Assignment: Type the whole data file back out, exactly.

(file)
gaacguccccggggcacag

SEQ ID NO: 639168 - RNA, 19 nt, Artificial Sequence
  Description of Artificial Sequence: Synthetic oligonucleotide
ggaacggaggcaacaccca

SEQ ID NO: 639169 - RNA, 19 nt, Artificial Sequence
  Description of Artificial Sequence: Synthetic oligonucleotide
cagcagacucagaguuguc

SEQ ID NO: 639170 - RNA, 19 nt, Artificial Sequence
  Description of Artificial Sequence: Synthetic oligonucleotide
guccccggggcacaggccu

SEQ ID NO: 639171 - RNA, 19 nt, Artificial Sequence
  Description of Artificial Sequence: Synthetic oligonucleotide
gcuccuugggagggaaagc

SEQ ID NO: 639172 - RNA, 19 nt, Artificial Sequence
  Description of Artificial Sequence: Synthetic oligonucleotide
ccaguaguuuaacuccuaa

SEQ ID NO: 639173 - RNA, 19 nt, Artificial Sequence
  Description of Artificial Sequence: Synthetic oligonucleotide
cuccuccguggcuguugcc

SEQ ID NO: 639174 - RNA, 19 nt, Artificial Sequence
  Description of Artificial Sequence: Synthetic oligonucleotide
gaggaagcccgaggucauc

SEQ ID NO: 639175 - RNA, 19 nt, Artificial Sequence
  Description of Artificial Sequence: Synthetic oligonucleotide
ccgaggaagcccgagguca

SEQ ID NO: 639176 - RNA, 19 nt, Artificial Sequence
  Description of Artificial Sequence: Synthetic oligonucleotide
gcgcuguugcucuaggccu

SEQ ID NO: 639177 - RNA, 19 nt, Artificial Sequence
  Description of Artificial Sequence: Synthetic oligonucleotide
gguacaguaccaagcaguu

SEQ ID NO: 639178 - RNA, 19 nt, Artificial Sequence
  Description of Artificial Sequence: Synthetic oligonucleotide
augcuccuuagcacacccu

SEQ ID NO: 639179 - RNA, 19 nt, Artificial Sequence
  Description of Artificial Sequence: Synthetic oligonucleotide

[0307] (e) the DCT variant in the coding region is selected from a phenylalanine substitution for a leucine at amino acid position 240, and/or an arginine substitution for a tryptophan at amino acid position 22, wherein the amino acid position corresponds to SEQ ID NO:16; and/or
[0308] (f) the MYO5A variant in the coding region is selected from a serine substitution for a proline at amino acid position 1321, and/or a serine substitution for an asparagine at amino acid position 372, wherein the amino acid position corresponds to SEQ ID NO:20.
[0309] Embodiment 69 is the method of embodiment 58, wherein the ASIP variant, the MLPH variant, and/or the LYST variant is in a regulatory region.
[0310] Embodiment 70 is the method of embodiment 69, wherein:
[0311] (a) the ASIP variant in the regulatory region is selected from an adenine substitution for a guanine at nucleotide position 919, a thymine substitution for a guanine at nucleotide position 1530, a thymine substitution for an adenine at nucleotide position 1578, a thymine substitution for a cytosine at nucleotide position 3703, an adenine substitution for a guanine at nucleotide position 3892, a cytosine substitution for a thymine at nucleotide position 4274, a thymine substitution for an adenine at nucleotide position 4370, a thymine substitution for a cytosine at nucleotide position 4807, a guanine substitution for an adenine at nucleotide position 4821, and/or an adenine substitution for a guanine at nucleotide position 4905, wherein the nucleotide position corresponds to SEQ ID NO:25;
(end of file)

gaacguccccggggcacag

SEQ ID NO: 639168 - RNA, 19 nt, Artificial Sequence
  Description of Artificial Sequence: Synthetic oligonucleotide
ggaacggaggcaacaccca

SEQ ID NO: 639169 - RNA, 19 nt, Artificial Sequence
  Description of Artificial Sequence: Synthetic oligonucleotide
cagcagacucagaguuguc

SEQ ID NO: 639170 - RNA, 19 nt, Artificial Sequence
  Description of Artificial Sequence: Synthetic oligonucleotide
guccccggggcacaggccu

SEQ ID NO: 639171 - RNA, 19 nt, Artificial Sequence
  Description of Artificial Sequence: Synthetic oligonucleotide
gcuccuugggagggaaagc

SEQ ID NO: 639172 - RNA, 19 nt, Artificial Sequence
  Description of Artificial Sequence: Synthetic oligonucleotide
ccaguaguuuaacuccuaa

SEQ ID NO: 639173 - RNA, 19 nt, Artificial Sequence
  Description of Artificial Sequence: Synthetic oligonucleotide
cuccuccguggcuguugcc

SEQ ID NO: 639174 - RNA, 19 nt, Artificial Sequence
  Description of Artificial Sequence: Synthetic oligonucleotide
gaggaagcccgaggucauc

SEQ ID NO: 639175 - RNA, 19 nt, Artificial Sequence
  Description of Artificial Sequence: Synthetic oligonucleotide
ccgaggaagcccgagguca

SEQ ID NO: 639176 - RNA, 19 nt, Artificial Sequence
  Description of Artificial Sequence: Synthetic oligonucleotide
gcgcuguugcucuaggccu

SEQ ID NO: 639177 - RNA, 19 nt, Artificial Sequence
  Description of Artificial Sequence: Synthetic oligonucleotide
gguacaguaccaagcaguu

SEQ ID NO: 639178 - RNA, 19 nt, Artificial Sequence
  Description of Artificial Sequence: Synthetic oligonucleotide
augcuccuuagcacacccu

SEQ ID NO: 639179 - RNA, 19 nt, Artificial Sequence
  Description of Artificial Sequence: Synthetic oligonucleotide

[0307] (e) the DCT variant in the coding region is selected from a phenylalanine substitution for a leucine at amino acid position 240, and/or an arginine substitution for a tryptophan at amino acid position 22, wherein the amino acid position corresponds to SEQ ID NO:16; and/or
[0308] (f) the MYO5A variant in the coding region is selected from a serine substitution for a proline at amino acid position 1321, and/or a serine substitution for an asparagine at amino acid position 372, wherein the amino acid position corresponds to SEQ ID NO:20.
[0309] Embodiment 69 is the method of embodiment 58, wherein the ASIP variant, the MLPH variant, and/or the LYST variant is in a regulatory region.
[0310] Embodiment 70 is the method of embodiment 69, wherein:
[0311] (a) the ASIP variant in the regulatory region is selected from an adenine substitution for a guanine at nucleotide position 919, a thymine substitution for a guanine at nucleotide position 1530, a thymine substitution for an adenine at nucleotide position 1578, a thymine substitution for a cytosine at nucleotide position 3703, an adenine substitution for a guanine at nucleotide position 3892, a cytosine substitution for a thymine at nucleotide position 4274, a thymine substitution for an adenine at nucleotide position 4370, a thymine substitution for a cytosine at nucleotide position 4807, a guanine substitution for an adenine at nucleotide position 4821, and/or an adenine substitution for a guanine at nucleotide position 4905, wherein the nucleotide position corresponds to SEQ ID NO:25;